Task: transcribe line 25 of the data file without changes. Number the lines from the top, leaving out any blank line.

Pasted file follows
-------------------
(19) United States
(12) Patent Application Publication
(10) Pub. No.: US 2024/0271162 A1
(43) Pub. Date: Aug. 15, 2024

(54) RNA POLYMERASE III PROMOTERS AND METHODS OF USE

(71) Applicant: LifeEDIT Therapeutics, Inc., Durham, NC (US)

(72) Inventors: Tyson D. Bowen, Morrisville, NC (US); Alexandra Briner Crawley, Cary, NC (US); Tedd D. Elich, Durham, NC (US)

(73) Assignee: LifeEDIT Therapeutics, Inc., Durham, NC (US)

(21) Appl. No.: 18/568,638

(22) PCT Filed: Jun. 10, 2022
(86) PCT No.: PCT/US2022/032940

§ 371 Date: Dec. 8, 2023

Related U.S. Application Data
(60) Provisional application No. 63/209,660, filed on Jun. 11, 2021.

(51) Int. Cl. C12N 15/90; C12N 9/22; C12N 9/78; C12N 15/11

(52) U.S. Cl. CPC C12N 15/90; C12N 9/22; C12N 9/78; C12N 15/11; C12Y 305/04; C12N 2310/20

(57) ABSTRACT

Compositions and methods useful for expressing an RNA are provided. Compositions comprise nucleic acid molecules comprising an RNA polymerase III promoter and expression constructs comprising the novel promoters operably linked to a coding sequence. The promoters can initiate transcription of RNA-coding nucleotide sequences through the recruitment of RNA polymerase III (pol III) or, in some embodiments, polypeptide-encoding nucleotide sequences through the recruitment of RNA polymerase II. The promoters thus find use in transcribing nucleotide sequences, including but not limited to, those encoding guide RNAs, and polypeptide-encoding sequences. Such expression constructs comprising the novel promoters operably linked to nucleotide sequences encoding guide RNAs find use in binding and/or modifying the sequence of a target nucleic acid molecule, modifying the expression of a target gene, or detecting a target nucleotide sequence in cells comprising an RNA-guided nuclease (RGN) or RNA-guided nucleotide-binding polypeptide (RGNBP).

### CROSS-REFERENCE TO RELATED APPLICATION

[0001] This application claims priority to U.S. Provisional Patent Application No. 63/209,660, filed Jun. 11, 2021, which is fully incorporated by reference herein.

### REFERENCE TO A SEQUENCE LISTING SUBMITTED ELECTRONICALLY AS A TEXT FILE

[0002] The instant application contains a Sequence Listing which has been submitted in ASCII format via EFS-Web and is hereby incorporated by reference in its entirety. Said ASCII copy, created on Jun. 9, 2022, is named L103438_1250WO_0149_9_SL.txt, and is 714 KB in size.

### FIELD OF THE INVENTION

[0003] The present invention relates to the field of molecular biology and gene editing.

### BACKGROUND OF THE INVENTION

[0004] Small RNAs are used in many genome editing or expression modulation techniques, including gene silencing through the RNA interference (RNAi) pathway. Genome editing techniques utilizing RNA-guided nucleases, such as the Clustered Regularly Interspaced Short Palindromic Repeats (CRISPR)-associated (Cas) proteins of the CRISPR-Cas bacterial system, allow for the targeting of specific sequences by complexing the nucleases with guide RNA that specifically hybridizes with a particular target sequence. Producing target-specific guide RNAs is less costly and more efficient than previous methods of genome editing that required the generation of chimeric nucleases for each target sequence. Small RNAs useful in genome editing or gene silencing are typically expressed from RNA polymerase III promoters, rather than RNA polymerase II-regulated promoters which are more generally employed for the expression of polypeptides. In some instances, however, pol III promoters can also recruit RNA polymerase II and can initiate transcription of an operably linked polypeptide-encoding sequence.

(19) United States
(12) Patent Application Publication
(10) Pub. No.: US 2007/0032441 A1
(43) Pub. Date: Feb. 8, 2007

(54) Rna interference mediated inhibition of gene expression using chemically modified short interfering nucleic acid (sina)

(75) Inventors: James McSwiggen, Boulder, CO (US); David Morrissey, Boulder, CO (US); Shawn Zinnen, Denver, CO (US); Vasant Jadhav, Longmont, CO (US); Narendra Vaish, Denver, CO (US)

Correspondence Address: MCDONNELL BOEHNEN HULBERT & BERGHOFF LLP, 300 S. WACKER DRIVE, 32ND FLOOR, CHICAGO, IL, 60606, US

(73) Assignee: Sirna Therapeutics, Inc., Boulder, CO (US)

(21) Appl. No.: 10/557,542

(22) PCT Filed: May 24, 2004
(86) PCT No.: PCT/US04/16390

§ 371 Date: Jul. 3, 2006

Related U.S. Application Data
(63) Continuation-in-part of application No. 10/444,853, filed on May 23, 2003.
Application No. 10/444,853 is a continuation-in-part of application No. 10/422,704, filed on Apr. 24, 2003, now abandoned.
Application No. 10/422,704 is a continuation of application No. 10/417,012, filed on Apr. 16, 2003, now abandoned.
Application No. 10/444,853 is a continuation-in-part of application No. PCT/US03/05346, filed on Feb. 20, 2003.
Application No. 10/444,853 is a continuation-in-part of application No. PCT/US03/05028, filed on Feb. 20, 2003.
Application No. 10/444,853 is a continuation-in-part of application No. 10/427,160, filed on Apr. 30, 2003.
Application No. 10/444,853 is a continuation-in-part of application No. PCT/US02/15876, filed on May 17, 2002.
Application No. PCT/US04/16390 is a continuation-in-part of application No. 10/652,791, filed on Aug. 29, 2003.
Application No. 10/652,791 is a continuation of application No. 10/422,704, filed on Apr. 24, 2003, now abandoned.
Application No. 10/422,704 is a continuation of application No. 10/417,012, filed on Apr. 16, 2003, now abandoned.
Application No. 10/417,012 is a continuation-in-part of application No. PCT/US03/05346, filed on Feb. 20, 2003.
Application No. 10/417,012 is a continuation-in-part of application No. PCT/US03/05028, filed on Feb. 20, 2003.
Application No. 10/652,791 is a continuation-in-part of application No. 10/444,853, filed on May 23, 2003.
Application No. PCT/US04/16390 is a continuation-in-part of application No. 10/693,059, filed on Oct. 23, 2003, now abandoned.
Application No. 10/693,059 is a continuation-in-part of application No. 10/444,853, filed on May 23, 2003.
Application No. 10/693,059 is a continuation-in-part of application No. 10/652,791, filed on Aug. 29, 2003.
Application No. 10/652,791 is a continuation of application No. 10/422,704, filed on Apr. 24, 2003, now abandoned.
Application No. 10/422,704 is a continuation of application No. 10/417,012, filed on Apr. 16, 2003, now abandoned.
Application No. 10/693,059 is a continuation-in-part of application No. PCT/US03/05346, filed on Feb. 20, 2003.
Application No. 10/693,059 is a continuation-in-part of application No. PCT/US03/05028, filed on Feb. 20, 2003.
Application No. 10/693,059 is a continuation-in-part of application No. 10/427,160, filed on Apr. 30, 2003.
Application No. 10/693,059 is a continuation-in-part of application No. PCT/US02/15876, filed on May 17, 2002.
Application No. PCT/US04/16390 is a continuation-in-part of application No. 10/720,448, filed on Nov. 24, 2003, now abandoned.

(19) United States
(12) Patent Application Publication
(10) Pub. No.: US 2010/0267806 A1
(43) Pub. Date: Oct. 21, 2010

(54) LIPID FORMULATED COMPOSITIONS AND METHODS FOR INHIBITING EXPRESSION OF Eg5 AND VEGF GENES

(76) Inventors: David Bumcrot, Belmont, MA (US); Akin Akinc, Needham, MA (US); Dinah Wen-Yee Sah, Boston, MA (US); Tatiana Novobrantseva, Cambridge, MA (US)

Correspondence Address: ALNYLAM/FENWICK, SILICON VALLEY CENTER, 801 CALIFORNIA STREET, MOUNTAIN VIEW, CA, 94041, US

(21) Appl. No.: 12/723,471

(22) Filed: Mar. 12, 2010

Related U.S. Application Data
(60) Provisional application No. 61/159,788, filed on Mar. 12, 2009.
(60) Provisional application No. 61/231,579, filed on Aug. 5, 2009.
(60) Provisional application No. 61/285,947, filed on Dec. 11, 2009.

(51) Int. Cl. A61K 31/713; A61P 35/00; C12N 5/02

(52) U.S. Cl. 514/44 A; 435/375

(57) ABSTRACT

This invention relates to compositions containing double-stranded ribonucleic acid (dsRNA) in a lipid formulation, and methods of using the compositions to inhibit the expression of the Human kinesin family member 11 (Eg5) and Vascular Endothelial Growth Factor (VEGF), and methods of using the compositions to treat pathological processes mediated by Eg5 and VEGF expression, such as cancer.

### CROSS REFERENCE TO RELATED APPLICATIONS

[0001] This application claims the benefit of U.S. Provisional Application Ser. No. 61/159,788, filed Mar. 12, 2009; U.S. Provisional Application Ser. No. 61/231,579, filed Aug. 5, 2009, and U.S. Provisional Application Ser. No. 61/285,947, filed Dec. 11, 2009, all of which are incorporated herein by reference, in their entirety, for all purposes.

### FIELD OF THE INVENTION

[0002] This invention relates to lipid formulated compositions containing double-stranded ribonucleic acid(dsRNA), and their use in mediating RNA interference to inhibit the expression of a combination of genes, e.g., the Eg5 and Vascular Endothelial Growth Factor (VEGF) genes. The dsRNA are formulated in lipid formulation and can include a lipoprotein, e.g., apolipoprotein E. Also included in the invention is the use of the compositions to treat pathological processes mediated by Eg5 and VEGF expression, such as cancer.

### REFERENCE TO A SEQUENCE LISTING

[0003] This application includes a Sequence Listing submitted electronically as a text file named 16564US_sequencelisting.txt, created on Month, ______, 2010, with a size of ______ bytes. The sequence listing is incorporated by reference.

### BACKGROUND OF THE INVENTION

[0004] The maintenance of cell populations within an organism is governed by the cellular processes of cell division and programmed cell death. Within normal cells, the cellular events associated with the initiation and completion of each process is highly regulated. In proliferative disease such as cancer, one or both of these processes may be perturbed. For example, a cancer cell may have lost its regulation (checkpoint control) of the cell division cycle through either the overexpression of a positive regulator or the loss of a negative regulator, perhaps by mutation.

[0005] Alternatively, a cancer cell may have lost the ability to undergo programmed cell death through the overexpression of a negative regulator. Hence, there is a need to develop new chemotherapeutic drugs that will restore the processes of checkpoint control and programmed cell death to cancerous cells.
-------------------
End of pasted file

### BACKGROUND OF THE INVENTION